Selecting an Ethernet ICM the easy way
An ICM, or integrated connector module is a type of connector that integrates all the magnetics required to meet the Ethernet standard for xBASE-T connections. While it is possible to achieve this with simple standalone connectors and discrete magnetics, in practice this is only done in very high volume situations where fractions of a cent need to be saved. ICMs provide a quick and easy, integrated solution which effectively guarantees the standards will be met (assuming you choose the right one), while offering convenience, more board space and improved reliability versus discrete solutions.
There are several standards that ICMs have to meet. The first is the IEEE 802.3 Ethernet standard, which provides the guidelines for data communication using the Ethernet protocol. The standard breaks the network down into a stack of layers which have well-defined inputs and outputs in order to allow effective communication. The bottom layer in the stack is called the physical layer (or PHY) – in an Ethernet device this layer is represented by a PHY chip or chips from a supplier such as Broadcom or Marvell. Between the PHY layer and the actual physical medium, the cable, there is a media dependent interface (MDI), which provides the physical and electrical connection. This is where the ICM comes in – it connects the network’s physical layer (PHY chip) to the physical medium (cable).
ICMs also have to meet the TIA-968-A standard. This one is defined by the Administrative Council for Terminal Attachment (ACTA), and it defines the size and shape of the generic RJ45 connector. The idea is to ensure mechanical compatibility between male and female connectors (plugs and ports) from different manufacturers.
There is also the RF radiation standard, FCC Part 15b. This standard limits the amount of RF radiation devices can emit for EMI prevention purposes. While this doesn’t apply to ICMs per se (it is a system-level standard), it’s worth bearing in mind that ICMs should be designed to attenuate RF emissions as much as possible.
It’s the IEEE 802.3 Ethernet standard that defines the properties ICM magnetics need to have. Galvanic isolation is one of the requirements, which is usually met by a 1:1 transformer, which can also provide DC biasing as required (DC biasing is needed when the nodes are powered from different sources with different ground levels). The exact levels are specified in the standard. For example, a transformer for a 100BASE-T connection is required to have an inductance value of at least 350µH when a DC bias of 8mA is applied. Transformers also provide a level of common mode rejection, which helps with noise attenuation.
As well as transformers, there will also be capacitors, which provide additional isolation and decoupling. Resistors are also required to provide effective termination for any unused pairs – usually this is a 75 Ω resistor combined with a 1000pF, 2000V capacitor in a special configuration called the Bob Smith termination.
While ICMs may look the same, and have similar electrical properties to meet the standards discussed above, there are a few factors which distinguish them from each other.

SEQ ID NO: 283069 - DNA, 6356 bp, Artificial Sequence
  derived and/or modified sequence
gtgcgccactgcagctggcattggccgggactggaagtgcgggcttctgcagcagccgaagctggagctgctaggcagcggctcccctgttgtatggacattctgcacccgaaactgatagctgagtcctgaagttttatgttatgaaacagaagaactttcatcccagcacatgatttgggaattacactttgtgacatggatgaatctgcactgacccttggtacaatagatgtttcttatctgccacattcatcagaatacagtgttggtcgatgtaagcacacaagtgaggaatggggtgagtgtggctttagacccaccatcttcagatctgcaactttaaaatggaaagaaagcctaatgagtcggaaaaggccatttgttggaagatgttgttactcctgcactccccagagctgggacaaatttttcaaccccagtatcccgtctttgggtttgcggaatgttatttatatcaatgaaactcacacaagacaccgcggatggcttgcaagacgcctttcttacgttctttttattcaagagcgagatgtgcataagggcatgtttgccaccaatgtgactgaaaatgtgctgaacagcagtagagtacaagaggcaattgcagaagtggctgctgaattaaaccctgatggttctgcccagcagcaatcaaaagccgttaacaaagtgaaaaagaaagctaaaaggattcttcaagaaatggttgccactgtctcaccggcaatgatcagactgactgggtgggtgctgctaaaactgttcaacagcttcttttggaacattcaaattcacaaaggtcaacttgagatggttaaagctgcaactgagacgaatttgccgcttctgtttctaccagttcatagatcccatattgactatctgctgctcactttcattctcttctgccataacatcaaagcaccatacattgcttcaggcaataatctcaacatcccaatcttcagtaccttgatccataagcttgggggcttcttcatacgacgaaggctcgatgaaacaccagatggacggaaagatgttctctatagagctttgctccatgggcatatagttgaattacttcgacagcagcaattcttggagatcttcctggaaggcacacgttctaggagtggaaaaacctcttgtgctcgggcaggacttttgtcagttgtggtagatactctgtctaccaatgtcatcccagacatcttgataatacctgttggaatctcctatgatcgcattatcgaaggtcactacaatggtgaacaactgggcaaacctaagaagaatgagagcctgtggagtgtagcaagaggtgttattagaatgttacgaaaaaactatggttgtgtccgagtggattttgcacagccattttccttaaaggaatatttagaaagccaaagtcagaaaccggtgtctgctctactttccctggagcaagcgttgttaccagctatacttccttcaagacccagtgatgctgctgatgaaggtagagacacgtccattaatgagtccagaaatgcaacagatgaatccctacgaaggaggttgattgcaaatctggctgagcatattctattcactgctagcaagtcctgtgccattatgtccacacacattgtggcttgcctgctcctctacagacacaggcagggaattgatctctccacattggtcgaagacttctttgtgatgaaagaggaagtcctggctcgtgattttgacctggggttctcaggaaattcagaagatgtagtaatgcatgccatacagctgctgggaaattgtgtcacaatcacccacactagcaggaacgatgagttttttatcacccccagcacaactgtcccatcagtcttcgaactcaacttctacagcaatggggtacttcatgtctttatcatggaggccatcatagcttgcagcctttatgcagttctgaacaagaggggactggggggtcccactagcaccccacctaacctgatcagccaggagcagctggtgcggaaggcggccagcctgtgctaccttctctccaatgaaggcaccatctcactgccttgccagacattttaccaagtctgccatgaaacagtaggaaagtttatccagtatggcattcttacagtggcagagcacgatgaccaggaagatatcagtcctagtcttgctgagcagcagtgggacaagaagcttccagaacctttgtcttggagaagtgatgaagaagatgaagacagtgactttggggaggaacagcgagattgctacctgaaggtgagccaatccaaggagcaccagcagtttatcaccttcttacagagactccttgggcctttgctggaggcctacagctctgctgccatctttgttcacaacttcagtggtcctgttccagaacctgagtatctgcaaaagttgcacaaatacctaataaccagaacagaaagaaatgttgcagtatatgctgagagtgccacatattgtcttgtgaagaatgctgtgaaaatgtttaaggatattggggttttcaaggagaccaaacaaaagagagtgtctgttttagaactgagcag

First thing to consider are the system requirements. Some ICMs can support 10, 100 and 1000 BASE-T, others only 10 and 100. Some are suitable for 2.5G PHYs. Single port and multiport configurations are available for all these options. Consider also whether your system uses Power over Ethernet (PoE or PoE+), as some ICMs support this and some don’t.
Application requirements are also important. What operating temperatures do you expect your system to experience? How much space is available? Some manufacturers offer reduced height ICMs for tight spaces. ICMs also come in different configurations for different orientations – vertical or horizontal, and with the tab in either direction. Do you need LEDs in the ICM to provide visible confirmation of a good connection? Modern products have various different colours available. Would a combined RJ45 and USB connector help save space and could this be made to work in your system?
A selection of Bel Magnetic Solutions MagJack ICMs in different configurations
The easy way
The easiest recommended way to select an ICM for a particular PHY is to take a look at the manufacturer’s reference design for the PHY chip and pick something that is as similar to the ICM they used as possible, noting the application speed and how many cores are required, and taking your applications mechanical (size and orientation) requirements into account.
There may also be ‘cheat sheets’ available in the form of selection guides. For example, Avnet Abacus has a handy selection guide available for Bel Magnetic Solutions MagJack ICMs that meet the requirements of a range of the most popular Broadcom or Marvell PHYs. This guide is fairly foolproof, but feel free to contact our technical specialists via Ask an Expert for help or advice at any time.
Find out more about the latest products from:
As a Senior Product Manager Marco is responsible for product marketing and strategy for interconnect solutions. He has over 20 years experience in electronics having begun his career with Siemens, and occupied roles with Vogt Electronic and Sun Microsystems before joining Avnet Abacus in 2006.
A supercapacitor in every system? Potential is turning to probability
Traditional battery technologies are being challenged by a relatively new kid on the block, the supe...
Identifying ‘hot spots’ before they cause thermal runaway
Thermal runaway can happen as a direct result of component failure and cause a lot of damage, but th...
Security and surveillance: Two sides of the coin in smart homes
The new era of home security won’t just be an alarm that rings when a lock is picked or a window bro...